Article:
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Special Monthly Spotlight: Basic Science Research in Cancer Health Disparities

Basic Science Research
2014 AACR Conference on Cancer Health Disparities

NCI/CRCHD’s Disparities Research Branch focuses on two principal areas: basic science research and community-based participatory research (CBPR). In December, we’ll share some initiatives in basic science research that are bringing us one step closer to understanding the biological causes of cancer health disparities.

Basic science research is driven by a fundamental aim – to enhance our understanding of biological variations of cancer incidence, prevalence, and mortality of racially and ethnically diverse populations – with a goal to identify effective and targeted treatments that save even more lives.

Examples of current NCI/CRCHD-funded research in Basic Science are:

  • Multi-omic approaches for detecting liver cancer: Dr. Habtom Ressom, NCI CRCHD R21 grantee at Georgetown University is seeking a method that detects liver cancer early – with an ultimate goal to save more lives.
  • Disparities in centrosomal profiles of African American and European American breast cancer patients. (This research involves looking at the genes encoded in proteins located in the centrosome, the critical area of the cell that directs cell division.)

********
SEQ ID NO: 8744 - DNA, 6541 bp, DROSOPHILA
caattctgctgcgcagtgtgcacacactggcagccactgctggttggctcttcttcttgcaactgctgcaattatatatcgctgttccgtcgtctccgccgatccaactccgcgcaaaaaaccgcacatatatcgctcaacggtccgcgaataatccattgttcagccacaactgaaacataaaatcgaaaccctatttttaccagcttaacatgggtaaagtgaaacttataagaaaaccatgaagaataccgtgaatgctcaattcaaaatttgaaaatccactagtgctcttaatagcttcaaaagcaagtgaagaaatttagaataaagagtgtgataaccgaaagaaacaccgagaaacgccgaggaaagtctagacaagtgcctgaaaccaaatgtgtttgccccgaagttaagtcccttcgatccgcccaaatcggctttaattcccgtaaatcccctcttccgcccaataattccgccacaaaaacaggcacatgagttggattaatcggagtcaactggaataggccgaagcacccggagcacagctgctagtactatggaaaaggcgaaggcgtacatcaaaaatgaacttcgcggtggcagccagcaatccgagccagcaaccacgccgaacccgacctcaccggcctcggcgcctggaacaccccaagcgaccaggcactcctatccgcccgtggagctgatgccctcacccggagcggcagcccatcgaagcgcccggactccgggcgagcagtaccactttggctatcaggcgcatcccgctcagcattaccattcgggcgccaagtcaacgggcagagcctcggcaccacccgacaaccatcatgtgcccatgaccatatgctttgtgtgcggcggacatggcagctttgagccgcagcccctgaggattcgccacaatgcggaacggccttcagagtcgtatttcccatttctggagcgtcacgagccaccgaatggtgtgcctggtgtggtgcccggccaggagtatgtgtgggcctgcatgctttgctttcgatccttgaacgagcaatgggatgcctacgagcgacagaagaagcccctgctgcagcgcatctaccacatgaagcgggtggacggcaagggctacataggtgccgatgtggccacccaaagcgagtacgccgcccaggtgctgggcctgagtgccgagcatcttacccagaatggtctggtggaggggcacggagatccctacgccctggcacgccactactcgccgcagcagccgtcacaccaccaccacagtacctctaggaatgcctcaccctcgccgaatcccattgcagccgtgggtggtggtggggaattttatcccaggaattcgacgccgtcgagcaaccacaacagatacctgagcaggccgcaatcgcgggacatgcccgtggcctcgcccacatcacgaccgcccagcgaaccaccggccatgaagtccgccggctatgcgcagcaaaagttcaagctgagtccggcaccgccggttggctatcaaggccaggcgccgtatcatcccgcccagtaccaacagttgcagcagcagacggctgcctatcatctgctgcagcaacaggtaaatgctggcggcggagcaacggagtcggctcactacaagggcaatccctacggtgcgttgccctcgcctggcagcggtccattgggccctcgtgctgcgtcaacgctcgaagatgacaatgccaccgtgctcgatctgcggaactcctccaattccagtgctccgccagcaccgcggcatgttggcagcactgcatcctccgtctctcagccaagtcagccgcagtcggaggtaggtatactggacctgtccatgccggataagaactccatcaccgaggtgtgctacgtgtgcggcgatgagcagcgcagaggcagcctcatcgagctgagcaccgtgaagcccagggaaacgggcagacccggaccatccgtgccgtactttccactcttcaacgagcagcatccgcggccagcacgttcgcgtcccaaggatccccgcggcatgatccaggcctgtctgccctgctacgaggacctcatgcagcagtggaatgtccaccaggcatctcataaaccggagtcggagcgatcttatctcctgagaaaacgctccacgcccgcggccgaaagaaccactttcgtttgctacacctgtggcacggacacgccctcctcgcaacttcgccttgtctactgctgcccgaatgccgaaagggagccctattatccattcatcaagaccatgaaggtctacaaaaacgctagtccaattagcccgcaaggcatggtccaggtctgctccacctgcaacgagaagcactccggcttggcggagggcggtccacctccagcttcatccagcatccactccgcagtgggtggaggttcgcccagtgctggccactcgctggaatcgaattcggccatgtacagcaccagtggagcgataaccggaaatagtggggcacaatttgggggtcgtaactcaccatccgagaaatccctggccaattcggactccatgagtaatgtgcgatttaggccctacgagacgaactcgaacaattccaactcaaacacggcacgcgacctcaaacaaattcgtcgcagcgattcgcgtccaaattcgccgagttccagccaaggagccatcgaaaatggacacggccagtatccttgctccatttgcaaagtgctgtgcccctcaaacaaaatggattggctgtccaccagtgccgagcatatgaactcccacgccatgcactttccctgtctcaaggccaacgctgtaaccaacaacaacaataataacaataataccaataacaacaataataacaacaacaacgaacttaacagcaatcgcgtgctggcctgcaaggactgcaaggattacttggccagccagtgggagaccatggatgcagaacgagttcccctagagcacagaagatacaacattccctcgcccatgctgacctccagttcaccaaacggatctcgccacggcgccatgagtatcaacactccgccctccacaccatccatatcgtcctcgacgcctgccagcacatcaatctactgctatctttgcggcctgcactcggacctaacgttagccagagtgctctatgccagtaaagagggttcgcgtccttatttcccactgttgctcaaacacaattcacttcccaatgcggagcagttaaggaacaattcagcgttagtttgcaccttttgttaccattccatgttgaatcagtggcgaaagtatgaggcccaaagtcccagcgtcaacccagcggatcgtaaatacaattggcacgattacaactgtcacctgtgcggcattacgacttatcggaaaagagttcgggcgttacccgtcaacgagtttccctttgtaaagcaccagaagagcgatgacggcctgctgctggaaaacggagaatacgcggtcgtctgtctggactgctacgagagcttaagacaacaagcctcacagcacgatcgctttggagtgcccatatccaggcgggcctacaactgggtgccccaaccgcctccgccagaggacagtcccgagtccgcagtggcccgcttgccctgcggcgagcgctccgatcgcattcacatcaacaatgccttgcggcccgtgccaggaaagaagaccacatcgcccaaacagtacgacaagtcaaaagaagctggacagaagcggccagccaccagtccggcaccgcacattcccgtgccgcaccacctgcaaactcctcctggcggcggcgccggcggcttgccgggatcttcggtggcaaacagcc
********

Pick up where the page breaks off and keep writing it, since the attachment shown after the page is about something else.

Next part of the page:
This was one of the 2014 AACR Cancer Health Disparities conference “hot topics” and the research focus of Nikita Wright, a CRCHD Diversity Supplement recipient from Georgia State University.
  • Metals and genetic toxicology: Dr. Diane Stearns, co-lead of the Northern Arizona (NAU)/Arizona Cancer Center (AZCC) PACHE partnership, focuses her research on metals and how they damage DNA in ways that may lead to cancer. The NAU/AZCC partnership aims to improve cancer care for Native Americans in the area, as well as provide training programs for Native American students and researchers.

Visit the links below to learn more:



Updated: 12/18/14